Test Your Cereal Smarts to Buy a Better Breakfast

By Janis Jibrin, M.S., R.D., Best Life lead nutritionist

I’ll admit it—I’ve given unsolicited advice to total strangers in the cereal aisle, but only when they look truly bewildered. It’s my nutritionist’s instinct, what can I say? Believe it or not, choosing a healthy cereal is not as complicated as you might think, especially when you follow a few simple steps.

Start with the ingredient list. Check to make sure all grains are whole. Examples of whole grains: barley, brown rice, oats, quinoa, triticale, whole rye, whole wheat, and anything else with “whole” in front of it. For more on what is and isn’t a whole grain, click here. I’d avoid sucralose (Splenda), acesulfame K, aspartame (Nutrasweet), and any other artificial sweetener—you don’t need these in a cereal.

Scan the nutrition facts panel. Serving sizes vary, so it’s best to judge by calories. Per 100 calories of cereal, look for one that has at least 3 grams (g) of fiber and no more than 5 g of sugar. Ideally, your cereal will not have added vitamins and minerals—if you take a multivitamin, you don’t need this stuff. In fact, too much could even be harmful. If you don’t take a multi, don’t look to cereal to provide a balanced nutrient offering. Put the box down if it contains lots of vitamins and minerals in the “daily value” column and ingredient list.

Want to simplify the process even more? Feel free to borrow some of my favorite breakfasts. I often mix sugar-free cereals with those that are a little sweet, or add a few tablespoons of granola (which sometimes exceeds the 5 g sugar per 100 calorie rule, but is OK if you’re only using a few tablespoons). I also combine dense, high-calorie cereals with lower-calorie types; otherwise my bowl would look pathetically small. I put about 160 to 200 calories of cereal in my bowl—with milk (nonfat or one percent), fruit and a tablespoon or two of nuts, my breakfast comes to about 400 calories.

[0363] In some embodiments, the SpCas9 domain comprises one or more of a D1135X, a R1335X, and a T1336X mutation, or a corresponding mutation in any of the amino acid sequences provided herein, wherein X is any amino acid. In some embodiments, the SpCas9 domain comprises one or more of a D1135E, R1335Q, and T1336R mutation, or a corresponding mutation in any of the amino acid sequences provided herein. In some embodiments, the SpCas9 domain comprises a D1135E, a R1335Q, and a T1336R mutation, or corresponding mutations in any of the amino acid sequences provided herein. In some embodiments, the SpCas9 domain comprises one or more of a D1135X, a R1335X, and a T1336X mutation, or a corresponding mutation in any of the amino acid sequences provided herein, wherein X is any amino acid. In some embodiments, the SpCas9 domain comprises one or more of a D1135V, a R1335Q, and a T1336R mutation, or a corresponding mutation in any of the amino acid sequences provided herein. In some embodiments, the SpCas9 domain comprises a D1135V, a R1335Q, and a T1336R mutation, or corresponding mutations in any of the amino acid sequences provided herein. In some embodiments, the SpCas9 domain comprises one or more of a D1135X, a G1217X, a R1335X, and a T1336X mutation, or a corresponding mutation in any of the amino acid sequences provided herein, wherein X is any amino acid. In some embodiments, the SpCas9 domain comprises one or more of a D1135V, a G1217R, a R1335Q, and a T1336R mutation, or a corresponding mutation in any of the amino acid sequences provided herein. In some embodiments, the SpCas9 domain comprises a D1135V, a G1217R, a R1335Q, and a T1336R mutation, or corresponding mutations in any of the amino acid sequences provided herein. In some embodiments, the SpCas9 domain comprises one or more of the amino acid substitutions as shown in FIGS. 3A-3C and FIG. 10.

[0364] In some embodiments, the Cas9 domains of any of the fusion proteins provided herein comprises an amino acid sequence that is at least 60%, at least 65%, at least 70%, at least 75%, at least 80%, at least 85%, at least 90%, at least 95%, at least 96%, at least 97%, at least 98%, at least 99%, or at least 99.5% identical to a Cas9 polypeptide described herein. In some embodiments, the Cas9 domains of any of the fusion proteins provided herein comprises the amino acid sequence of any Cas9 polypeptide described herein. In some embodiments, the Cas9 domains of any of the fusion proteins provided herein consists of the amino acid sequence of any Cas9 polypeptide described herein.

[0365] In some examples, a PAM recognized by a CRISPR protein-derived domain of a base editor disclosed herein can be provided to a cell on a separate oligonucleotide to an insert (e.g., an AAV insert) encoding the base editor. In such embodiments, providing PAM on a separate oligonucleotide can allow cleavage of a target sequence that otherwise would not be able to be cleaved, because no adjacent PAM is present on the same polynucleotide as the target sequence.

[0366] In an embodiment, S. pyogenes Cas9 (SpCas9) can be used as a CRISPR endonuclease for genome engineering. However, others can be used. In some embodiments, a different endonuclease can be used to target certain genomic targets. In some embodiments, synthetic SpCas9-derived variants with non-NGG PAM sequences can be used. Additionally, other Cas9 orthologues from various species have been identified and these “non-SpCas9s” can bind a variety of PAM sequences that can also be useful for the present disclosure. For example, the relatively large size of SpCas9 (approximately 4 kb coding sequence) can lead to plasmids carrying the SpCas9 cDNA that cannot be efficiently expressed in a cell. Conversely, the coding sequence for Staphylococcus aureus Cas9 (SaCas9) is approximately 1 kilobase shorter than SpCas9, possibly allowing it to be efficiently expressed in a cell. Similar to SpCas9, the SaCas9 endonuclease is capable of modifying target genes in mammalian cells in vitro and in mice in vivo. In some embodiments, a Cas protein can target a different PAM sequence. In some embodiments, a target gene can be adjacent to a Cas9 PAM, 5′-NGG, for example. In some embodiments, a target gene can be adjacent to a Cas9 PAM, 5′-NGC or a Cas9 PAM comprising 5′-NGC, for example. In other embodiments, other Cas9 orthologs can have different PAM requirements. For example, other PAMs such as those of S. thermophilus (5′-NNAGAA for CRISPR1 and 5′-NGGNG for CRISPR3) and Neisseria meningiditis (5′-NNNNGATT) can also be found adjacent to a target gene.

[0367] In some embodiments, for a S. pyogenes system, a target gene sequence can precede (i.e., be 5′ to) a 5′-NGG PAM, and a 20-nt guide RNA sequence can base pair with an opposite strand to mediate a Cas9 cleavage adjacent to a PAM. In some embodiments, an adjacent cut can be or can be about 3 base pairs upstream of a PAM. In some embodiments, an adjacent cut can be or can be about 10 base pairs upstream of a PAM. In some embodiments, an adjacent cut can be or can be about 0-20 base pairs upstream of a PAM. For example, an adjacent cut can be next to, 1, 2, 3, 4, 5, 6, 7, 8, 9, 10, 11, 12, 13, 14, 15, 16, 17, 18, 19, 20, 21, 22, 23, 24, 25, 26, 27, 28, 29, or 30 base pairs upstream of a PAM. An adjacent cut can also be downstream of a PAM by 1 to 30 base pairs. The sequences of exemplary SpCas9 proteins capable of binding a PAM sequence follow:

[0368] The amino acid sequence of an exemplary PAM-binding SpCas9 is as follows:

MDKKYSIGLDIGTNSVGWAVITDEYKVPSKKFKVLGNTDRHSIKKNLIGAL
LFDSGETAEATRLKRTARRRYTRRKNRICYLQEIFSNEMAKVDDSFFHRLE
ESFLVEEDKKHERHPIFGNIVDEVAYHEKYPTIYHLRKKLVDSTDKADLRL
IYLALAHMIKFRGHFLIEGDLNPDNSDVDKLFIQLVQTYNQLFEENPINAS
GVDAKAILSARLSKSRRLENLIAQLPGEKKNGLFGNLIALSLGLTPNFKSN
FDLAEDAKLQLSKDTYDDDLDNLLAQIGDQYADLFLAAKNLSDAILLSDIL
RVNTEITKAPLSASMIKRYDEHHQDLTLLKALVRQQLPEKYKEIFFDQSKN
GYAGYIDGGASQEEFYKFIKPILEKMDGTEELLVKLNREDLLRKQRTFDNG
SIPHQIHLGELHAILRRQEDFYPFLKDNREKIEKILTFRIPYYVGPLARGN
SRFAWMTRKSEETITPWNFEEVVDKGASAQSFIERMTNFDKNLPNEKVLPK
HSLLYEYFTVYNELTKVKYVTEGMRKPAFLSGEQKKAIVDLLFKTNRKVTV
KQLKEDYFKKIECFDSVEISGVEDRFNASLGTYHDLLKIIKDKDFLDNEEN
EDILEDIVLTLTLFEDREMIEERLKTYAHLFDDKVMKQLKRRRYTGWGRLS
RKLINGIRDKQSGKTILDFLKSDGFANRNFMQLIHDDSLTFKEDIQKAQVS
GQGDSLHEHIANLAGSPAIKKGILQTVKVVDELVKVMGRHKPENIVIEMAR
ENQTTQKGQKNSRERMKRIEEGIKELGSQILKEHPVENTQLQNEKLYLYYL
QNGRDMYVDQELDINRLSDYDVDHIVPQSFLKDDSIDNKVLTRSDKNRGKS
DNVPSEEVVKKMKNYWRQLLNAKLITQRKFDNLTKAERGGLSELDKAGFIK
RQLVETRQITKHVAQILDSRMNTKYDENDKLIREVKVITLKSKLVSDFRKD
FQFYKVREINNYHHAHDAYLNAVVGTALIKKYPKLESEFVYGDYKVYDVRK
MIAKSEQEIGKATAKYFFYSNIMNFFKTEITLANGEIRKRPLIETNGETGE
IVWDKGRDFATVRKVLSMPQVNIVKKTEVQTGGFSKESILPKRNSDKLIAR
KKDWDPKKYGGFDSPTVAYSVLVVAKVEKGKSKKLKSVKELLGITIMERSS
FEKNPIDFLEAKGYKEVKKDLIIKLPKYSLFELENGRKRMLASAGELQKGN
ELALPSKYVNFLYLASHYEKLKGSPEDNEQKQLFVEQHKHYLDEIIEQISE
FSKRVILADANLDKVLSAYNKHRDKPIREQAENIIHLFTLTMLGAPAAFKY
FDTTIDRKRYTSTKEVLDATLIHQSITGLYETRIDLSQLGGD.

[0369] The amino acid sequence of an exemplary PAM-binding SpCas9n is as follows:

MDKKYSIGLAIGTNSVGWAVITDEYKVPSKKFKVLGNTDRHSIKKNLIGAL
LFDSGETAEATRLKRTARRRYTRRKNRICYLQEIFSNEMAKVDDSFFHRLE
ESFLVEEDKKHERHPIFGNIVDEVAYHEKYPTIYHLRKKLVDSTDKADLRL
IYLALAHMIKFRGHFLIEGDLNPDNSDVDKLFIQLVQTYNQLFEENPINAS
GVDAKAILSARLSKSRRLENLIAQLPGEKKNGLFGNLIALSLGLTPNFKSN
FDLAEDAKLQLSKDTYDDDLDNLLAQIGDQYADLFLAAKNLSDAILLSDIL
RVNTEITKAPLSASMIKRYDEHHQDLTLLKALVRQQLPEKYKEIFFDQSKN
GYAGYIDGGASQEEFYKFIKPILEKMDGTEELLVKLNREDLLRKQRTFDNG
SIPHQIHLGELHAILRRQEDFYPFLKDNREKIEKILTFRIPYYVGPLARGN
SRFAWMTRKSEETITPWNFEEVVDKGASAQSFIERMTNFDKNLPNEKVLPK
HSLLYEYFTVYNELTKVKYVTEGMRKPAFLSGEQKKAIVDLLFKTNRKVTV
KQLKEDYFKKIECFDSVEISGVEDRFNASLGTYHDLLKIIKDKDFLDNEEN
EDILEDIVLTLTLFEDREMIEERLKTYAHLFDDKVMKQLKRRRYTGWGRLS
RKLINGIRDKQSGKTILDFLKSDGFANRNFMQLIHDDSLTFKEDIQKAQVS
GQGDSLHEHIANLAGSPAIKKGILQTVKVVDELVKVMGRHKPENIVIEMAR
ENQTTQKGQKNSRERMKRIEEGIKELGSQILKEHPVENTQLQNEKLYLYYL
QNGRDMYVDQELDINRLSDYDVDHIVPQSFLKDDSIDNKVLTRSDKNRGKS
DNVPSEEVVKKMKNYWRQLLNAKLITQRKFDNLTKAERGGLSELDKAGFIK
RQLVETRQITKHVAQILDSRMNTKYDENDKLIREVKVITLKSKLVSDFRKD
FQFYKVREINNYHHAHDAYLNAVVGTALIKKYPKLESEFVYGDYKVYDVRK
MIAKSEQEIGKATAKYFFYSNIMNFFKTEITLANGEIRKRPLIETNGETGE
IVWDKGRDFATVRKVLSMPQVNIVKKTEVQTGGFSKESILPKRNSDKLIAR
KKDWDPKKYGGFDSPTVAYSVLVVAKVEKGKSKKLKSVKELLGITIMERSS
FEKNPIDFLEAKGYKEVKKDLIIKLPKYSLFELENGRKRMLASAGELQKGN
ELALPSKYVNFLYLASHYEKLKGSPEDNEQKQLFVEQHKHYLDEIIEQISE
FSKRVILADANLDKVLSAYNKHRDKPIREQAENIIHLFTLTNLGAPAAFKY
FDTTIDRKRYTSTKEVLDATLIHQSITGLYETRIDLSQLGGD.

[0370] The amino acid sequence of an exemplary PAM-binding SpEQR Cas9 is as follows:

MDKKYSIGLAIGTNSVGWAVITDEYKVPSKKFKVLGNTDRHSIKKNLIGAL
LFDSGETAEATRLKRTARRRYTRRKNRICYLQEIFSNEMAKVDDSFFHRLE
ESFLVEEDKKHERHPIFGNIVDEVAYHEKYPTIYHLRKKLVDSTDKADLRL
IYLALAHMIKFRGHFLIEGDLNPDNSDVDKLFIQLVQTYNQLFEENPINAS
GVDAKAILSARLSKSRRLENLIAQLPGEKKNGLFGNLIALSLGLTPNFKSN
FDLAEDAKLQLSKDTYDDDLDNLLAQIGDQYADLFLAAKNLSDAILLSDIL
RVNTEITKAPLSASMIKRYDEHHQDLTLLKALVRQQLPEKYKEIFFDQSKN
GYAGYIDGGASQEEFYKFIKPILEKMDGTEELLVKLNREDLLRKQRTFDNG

Some of the cereals that rotate through my cupboard are:

  • Ezekiel 4:9 Almond (it’s dense, so mix with a cereal that gives you more volume for the calories)
  • Kashi Autumn Wheat
  • Kashi 7 Grain Flakes
  • Kashi Go Lean
  • Nature’s Plus Flax Plus
  • Steel cut oats (any brand)
  • 365 (Whole Foods Brand) Organic Bran Flakes
  • 365 Protein & Fiber

Which healthy cereals are your favorites?

Also Read:

Baker’s Dozen eCookbook: 13 Healthier Breakfast and Brunch Recipes

5-Minute Breakfast Ideas to Fuel Your Busy Mornings

Keri Glassman’s Barley Breakfast Salad

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